The Chilean Government has announced a few days ago that a huge ocean patch the size of Chile around Rapa Nui (the native name of Easter island) was now a Marine protected area. That means that all kinds of industrial exploitation of natural ressources in these waters are now forbidden. Industrial fishing or mining, for instance, are now banned. The residents of Easter island were … Continue reading New huge marine protected area around Easter Island
Patricia Imrana Jalal is a Fijian lawyer and gender advocate, who served as a Human Rights Commissioner on the Fiji Human Rights Commission, as a Fiji Law Reform Commissioner, and as Human Rights Advisor to the Pacific Regional Rights Resource Team (RRRT) and the United Nations Development Program. She is a Commissioner on the Geneva-based International Commission of Jurists, to which she was elected in … Continue reading Patricia Imrana Jalal, lawyer and gender advocate
Nathalie Heirani Salmon-Hudry is a writer whose inspiring work is bringing about positive change for people with disabilities in her native French Polynesia. She is the author of the moving autobiographical tale “Je suis née MORTE” (meaning “I was born DEAD” or “I was stillborn”) that she wrote using a computer head pointer. The book deals with “how you develop, how you grow up, how you … Continue reading Paralyzed from birth, she wrote an award-winning book using a computer head pointer
One of the longest serving staff of the University of the South Pacific in Fiji, Konai Helu Thaman is currently Professor of Pacific Education and Culture and was the UNESCO Chair in Teacher Education and Culture from 1998-2016. Ms Thaman was born and raised in Tonga where she received her primary and secondary education. She studied at the University of Auckland (BA in Geography), Auckland … Continue reading A poet and a teacher from Tonga
Seventy-year-old Gatoloai Tili Afamasaga has played an instrumental role in the education sector in her native Samoa for over 40 years. Ms Afamasaga started her career as a teacher, then went on to become a teacher trainer. In 1984, she was appointed Principal of Western Samoa Teachers College, a position she held for thirteen years. When the college merged with the National University of Samoa … Continue reading Mrs Afamasaga, influential teacher from Samoa
Pacific islands are suffering from regular epidemics of Dengue, Zika and Chikungunya. In a decade-long dance around our Ocean, these viruses continually migrate to countries where the population has lost its immunity… But it doesn’t mean there is nothing to be done. Since the arrival of the Zika Virus, probably imported from African soccer players during the Beach Soccer World Cup of 2013 in Tahiti, … Continue reading How do we fight epidemics across the Pacific Ocean?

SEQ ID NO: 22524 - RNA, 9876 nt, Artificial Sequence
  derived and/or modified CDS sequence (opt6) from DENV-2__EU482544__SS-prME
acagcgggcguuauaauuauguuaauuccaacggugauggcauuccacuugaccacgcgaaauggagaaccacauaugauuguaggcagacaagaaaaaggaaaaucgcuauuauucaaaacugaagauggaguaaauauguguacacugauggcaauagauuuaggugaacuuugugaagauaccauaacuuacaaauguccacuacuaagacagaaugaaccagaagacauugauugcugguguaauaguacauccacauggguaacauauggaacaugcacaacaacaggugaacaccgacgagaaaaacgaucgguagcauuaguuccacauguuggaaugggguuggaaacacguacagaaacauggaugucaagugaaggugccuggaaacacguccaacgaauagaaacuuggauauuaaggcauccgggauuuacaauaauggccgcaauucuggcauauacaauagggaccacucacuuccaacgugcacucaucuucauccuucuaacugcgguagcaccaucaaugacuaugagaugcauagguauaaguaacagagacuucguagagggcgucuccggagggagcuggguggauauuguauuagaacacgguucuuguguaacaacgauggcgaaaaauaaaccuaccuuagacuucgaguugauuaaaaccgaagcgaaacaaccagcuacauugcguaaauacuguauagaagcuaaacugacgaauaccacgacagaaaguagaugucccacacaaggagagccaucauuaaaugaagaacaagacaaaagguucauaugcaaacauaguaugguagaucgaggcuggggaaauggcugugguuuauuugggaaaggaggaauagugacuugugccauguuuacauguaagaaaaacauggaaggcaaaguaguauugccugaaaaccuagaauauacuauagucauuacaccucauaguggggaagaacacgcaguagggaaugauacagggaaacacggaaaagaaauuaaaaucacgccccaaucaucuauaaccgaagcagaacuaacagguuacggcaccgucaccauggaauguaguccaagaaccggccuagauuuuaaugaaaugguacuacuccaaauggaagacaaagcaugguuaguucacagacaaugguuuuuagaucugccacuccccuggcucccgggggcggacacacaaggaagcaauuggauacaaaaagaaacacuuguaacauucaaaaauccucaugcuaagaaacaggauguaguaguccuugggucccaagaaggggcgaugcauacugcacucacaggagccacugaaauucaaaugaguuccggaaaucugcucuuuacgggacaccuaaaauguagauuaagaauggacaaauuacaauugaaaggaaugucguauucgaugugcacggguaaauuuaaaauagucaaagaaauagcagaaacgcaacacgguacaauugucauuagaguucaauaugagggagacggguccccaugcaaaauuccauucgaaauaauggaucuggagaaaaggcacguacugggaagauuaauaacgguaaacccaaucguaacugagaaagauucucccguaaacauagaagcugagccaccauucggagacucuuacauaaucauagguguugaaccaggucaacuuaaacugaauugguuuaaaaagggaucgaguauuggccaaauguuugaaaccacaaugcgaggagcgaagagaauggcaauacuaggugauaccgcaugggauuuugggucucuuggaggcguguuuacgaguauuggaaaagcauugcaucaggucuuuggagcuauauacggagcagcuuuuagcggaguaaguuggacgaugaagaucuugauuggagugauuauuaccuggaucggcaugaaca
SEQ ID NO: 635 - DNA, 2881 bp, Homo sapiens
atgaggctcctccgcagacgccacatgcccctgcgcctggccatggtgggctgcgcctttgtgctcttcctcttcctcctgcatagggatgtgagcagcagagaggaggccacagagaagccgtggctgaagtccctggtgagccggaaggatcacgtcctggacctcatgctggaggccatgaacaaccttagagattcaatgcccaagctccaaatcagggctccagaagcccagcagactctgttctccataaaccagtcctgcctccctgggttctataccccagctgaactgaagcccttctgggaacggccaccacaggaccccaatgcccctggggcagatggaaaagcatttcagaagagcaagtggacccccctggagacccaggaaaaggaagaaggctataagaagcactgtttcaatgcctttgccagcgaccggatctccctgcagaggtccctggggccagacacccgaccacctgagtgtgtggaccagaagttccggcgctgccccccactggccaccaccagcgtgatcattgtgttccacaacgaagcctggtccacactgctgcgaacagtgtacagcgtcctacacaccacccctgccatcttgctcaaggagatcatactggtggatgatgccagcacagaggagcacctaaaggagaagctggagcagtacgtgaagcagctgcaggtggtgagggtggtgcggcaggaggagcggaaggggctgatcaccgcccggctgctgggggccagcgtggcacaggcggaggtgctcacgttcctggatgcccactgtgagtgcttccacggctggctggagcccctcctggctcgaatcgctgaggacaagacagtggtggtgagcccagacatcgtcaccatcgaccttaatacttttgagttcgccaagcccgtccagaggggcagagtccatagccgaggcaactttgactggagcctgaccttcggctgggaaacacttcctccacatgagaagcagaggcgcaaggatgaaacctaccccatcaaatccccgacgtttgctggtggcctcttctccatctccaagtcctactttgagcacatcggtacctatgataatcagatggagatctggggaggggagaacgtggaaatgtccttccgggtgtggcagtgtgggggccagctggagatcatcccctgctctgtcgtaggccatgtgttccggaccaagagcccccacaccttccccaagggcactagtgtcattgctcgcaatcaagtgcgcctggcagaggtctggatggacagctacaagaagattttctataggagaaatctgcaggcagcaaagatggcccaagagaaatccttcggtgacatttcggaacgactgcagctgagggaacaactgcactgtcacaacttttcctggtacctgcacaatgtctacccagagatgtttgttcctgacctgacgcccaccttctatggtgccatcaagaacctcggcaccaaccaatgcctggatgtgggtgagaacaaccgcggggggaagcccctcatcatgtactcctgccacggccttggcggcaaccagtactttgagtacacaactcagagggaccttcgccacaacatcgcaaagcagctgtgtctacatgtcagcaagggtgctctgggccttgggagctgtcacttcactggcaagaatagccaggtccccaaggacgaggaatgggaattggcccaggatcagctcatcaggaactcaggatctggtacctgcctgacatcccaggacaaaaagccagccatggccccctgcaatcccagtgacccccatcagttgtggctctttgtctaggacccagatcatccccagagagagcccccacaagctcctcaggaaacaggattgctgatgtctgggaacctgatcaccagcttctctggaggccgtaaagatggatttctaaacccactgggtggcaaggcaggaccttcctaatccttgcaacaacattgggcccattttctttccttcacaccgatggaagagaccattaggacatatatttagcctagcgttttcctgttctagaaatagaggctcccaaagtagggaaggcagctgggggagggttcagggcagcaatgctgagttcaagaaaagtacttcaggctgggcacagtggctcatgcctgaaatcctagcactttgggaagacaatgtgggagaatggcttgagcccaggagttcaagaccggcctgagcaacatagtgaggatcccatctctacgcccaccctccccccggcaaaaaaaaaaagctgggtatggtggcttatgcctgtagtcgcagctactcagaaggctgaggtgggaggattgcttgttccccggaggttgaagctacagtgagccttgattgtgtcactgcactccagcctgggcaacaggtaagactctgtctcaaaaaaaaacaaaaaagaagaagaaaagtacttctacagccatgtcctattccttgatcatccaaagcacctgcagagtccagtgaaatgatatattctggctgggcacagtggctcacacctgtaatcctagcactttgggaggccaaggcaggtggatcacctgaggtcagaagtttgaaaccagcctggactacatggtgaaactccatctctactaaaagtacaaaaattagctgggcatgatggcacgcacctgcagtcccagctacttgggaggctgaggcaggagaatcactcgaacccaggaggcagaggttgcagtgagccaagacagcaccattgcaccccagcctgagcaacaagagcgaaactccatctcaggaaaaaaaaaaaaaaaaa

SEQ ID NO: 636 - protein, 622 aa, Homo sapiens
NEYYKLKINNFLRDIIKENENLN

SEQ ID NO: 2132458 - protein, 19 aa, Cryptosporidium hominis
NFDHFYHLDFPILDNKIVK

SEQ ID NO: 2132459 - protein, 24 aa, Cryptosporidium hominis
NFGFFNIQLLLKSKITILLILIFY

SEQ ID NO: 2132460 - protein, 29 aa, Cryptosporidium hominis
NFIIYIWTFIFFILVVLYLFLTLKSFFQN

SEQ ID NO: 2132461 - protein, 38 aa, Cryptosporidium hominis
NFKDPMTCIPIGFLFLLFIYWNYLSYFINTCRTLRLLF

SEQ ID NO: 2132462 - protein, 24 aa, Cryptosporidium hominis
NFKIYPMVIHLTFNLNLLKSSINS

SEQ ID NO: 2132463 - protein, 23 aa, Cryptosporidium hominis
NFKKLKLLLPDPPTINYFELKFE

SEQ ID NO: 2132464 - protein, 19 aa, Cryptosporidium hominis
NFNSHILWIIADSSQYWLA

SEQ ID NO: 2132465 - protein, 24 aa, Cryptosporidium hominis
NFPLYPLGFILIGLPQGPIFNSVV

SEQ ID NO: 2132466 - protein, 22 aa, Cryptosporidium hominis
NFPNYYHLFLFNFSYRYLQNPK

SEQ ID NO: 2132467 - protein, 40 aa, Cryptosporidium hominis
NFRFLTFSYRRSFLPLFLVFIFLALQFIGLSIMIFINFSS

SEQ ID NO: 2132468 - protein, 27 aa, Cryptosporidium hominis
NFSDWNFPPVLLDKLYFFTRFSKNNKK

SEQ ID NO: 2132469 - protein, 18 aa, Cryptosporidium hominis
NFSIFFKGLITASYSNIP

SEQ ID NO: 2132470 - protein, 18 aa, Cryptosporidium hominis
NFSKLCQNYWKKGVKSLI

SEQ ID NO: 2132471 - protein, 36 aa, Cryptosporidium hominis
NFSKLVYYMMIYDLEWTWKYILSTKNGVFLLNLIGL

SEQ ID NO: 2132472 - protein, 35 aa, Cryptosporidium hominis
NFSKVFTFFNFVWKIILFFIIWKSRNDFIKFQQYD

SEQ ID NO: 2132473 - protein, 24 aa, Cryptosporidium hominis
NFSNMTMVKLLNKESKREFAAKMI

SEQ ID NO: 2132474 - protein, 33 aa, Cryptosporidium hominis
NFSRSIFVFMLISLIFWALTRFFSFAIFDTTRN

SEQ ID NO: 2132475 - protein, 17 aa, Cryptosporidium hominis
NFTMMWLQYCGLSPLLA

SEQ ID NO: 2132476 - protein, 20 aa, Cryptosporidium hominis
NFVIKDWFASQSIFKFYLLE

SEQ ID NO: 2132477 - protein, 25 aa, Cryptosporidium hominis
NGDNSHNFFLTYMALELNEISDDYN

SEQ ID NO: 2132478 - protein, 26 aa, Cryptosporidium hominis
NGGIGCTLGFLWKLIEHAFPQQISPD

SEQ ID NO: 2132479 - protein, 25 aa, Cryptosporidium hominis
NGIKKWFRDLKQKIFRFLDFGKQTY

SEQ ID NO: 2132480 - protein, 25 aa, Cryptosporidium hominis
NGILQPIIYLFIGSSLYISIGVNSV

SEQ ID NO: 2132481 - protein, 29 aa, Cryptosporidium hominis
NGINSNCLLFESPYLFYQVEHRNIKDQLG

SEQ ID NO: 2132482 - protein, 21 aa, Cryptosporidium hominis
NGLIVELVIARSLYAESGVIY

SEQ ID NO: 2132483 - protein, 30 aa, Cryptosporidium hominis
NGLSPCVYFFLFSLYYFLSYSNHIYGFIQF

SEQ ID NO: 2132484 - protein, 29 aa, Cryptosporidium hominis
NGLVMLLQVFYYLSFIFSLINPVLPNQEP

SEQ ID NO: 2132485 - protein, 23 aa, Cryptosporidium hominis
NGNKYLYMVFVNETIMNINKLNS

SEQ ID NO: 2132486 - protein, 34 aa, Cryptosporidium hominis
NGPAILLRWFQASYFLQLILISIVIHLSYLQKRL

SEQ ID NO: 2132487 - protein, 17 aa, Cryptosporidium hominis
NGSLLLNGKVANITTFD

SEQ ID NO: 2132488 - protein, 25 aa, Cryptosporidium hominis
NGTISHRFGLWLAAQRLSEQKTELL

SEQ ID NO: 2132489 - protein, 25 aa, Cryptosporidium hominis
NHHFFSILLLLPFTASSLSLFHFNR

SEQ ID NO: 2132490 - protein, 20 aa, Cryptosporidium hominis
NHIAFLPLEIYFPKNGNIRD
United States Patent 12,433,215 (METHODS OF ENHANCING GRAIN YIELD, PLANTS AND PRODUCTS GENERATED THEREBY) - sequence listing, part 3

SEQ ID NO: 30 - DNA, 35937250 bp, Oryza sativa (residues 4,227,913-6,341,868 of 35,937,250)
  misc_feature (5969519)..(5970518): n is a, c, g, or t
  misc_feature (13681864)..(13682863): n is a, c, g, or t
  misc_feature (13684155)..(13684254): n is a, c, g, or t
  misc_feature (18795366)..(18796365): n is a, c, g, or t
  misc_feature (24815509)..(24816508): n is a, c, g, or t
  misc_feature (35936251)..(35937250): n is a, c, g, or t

This shy octopus is Heke, our new mascot. Everybody say hi! His name comes from the Rapa Nui word for “octopus”, similar to fe’e, feke or ‘eke in other Polynesian langage. And Heke sounded pretty good, so we kept it! Heke is pretty cute, but also very sporty and quite the model. Below you can see him on an outrigger, as an All Black rugby player, … Continue reading Say welcome to Heke, our new mascot!
Nadine Pidjot made history this May when she became the first Kanak woman to take up law in New Caledonia. Following a successful career as a public servant for the Government of New Caledonia, the French High Commission in New Caledonia, and the French Embassy in Australia, she successfully created her own consulting company and is highly regarded among both Kanak and non-Kanak communities. During … Continue reading The first Kanak woman to take up law in New Caledonia
Reverend Sereima Lomaloma is an advocate for gender equality and the elimination of violence against women and children in Fiji and the Pacific, advocating through the Anglican church, House of Sarah and and other faith-based organisations since the early 2000s. For this portrait, she told the SPC that “It’s time for the church to also speak out against the injustices in society, violence in all … Continue reading “It is time for the church to speak out against the injustices in society”
You certainly remember how the container ship Kea Trader ran aground the Durand reef, South-East of New Caledonia, almost a month ago. The spectacular photos of the huge ship full quill on the coral were seen all across the Pacific. At the time, the local government and French armed forces mobilized a full anti-pollution task force. They feared a massive spill in this unique coral ecosystem. But … Continue reading Kea Trader: an ecological catastrophe avoided in New Caledonia